The emergence of phonological dispersion through interaction: An exploratory secondary analysis of a communicative game
Gareth Roberts, Robin Clark
May 2023

Why is it that phonologies exhibit greater dispersion than we might expect by chance? Roberts and Clark (2020) investigated this using a non-linguistic communication game in which pairs of participants sent each other series of colors to communicate a set of animal silhouettes. They found that above-chance levels of dispersion, similar to that seen in vowel systems, emerged as a result of the production and perception demands acting on the participants. However, they did not investigate the process by which this dispersion came about. Here we present a secondary analysis of their data in which we shed light on how participants approached the communication task, how dispersion emerged, and what convergence looked like. We found in particular that dispersion was not planned from the start but emerged as a large-scale consequence of smaller-scale choices. This sheds light on the role of interactive processes in mediating between human minds and the distribution of features across the world’s languages.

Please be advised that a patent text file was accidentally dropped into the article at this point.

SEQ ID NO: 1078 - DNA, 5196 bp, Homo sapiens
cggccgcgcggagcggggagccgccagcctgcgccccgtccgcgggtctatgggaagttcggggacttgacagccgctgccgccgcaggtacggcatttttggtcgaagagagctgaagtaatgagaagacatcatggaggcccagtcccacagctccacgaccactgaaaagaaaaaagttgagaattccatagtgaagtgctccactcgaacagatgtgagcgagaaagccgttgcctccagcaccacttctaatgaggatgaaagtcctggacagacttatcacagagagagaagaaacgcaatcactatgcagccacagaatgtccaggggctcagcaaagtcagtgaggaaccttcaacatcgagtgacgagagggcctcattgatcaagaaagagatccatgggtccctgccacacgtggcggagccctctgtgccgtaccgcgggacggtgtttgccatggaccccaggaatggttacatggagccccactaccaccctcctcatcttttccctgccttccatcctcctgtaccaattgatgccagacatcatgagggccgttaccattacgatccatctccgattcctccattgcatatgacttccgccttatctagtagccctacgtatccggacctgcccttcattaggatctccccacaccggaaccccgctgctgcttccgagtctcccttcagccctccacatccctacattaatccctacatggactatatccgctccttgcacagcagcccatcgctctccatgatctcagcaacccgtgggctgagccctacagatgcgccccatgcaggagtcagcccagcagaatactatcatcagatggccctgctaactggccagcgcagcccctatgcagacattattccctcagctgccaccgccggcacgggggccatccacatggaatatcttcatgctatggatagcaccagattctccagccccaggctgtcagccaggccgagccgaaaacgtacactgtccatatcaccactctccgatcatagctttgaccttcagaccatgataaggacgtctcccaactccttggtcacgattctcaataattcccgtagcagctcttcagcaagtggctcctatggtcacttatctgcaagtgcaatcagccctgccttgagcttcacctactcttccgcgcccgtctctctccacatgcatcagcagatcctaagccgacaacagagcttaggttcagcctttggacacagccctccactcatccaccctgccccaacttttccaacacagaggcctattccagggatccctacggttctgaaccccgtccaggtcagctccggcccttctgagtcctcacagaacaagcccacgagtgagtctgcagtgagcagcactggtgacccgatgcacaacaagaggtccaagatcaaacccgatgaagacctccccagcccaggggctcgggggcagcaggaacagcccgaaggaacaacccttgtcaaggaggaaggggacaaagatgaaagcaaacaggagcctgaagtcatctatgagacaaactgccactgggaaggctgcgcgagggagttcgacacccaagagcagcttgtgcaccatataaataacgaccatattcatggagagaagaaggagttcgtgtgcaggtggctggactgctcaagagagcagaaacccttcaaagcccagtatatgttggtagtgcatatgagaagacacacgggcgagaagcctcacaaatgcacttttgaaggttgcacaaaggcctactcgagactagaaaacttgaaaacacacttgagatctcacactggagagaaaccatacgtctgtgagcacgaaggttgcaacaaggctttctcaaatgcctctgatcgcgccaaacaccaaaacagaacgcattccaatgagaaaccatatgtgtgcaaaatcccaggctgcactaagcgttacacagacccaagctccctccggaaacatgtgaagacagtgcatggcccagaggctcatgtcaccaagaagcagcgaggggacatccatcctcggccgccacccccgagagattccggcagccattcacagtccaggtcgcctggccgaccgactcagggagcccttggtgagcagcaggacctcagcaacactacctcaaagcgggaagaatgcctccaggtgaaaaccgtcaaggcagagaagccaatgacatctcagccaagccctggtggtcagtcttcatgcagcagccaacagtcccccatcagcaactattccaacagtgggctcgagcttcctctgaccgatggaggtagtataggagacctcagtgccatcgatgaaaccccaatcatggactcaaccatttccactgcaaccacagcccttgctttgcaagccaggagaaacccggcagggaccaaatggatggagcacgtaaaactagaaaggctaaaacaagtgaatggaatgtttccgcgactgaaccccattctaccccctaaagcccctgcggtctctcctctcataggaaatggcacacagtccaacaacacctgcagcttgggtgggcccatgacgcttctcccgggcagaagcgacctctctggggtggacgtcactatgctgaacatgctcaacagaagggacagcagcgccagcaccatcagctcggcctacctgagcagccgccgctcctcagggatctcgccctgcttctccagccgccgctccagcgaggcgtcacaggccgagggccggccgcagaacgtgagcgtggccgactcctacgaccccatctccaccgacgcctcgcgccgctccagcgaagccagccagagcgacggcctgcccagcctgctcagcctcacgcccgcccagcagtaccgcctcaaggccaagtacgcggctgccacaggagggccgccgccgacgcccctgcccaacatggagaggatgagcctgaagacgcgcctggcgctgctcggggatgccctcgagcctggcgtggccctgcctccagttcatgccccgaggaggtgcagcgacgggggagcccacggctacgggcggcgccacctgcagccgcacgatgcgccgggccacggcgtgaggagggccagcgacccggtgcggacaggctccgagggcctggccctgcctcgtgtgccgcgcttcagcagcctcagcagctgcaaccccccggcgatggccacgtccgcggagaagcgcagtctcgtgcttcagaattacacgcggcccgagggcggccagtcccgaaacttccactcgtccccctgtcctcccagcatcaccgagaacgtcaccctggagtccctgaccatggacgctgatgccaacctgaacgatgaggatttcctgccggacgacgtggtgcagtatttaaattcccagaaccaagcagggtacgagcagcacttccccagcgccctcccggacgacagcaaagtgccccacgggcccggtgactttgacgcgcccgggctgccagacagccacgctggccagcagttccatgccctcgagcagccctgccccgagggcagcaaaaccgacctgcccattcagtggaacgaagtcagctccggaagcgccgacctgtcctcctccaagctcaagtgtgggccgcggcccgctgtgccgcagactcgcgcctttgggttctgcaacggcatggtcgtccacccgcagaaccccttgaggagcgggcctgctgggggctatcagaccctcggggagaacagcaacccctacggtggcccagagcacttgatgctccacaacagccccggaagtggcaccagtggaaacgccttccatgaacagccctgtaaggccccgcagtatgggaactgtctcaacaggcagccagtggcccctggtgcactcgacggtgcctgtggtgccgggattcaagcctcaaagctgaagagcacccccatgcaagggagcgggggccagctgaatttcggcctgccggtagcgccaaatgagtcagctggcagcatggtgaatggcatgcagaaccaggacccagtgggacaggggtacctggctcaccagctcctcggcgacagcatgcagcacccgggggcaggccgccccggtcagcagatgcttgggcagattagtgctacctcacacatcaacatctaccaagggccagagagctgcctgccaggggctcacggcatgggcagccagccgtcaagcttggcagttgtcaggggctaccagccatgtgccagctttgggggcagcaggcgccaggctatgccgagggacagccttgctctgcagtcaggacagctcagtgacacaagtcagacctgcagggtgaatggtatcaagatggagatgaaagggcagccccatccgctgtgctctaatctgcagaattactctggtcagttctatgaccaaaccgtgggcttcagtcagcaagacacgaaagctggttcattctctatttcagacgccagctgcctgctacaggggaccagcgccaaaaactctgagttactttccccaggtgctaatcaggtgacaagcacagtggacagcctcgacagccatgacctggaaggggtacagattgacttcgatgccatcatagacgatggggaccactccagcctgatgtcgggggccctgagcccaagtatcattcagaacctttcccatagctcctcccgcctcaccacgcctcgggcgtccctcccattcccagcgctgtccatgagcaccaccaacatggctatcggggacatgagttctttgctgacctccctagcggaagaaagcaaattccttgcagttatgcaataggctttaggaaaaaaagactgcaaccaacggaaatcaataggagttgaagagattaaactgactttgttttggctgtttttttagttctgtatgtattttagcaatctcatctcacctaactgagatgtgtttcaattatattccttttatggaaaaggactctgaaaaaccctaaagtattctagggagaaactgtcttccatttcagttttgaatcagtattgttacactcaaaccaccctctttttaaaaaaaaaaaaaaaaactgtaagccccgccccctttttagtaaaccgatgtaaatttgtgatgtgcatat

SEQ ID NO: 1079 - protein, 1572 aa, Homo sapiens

Format: [ pdf ]
Reference: lingbuzz/007299
(please use that when you cite this article)
Published in: Frontiers in Psychology
keywords: cultural evolution; phonology; combinatoriality; emergence of structure; language; communication; experiment, phonology
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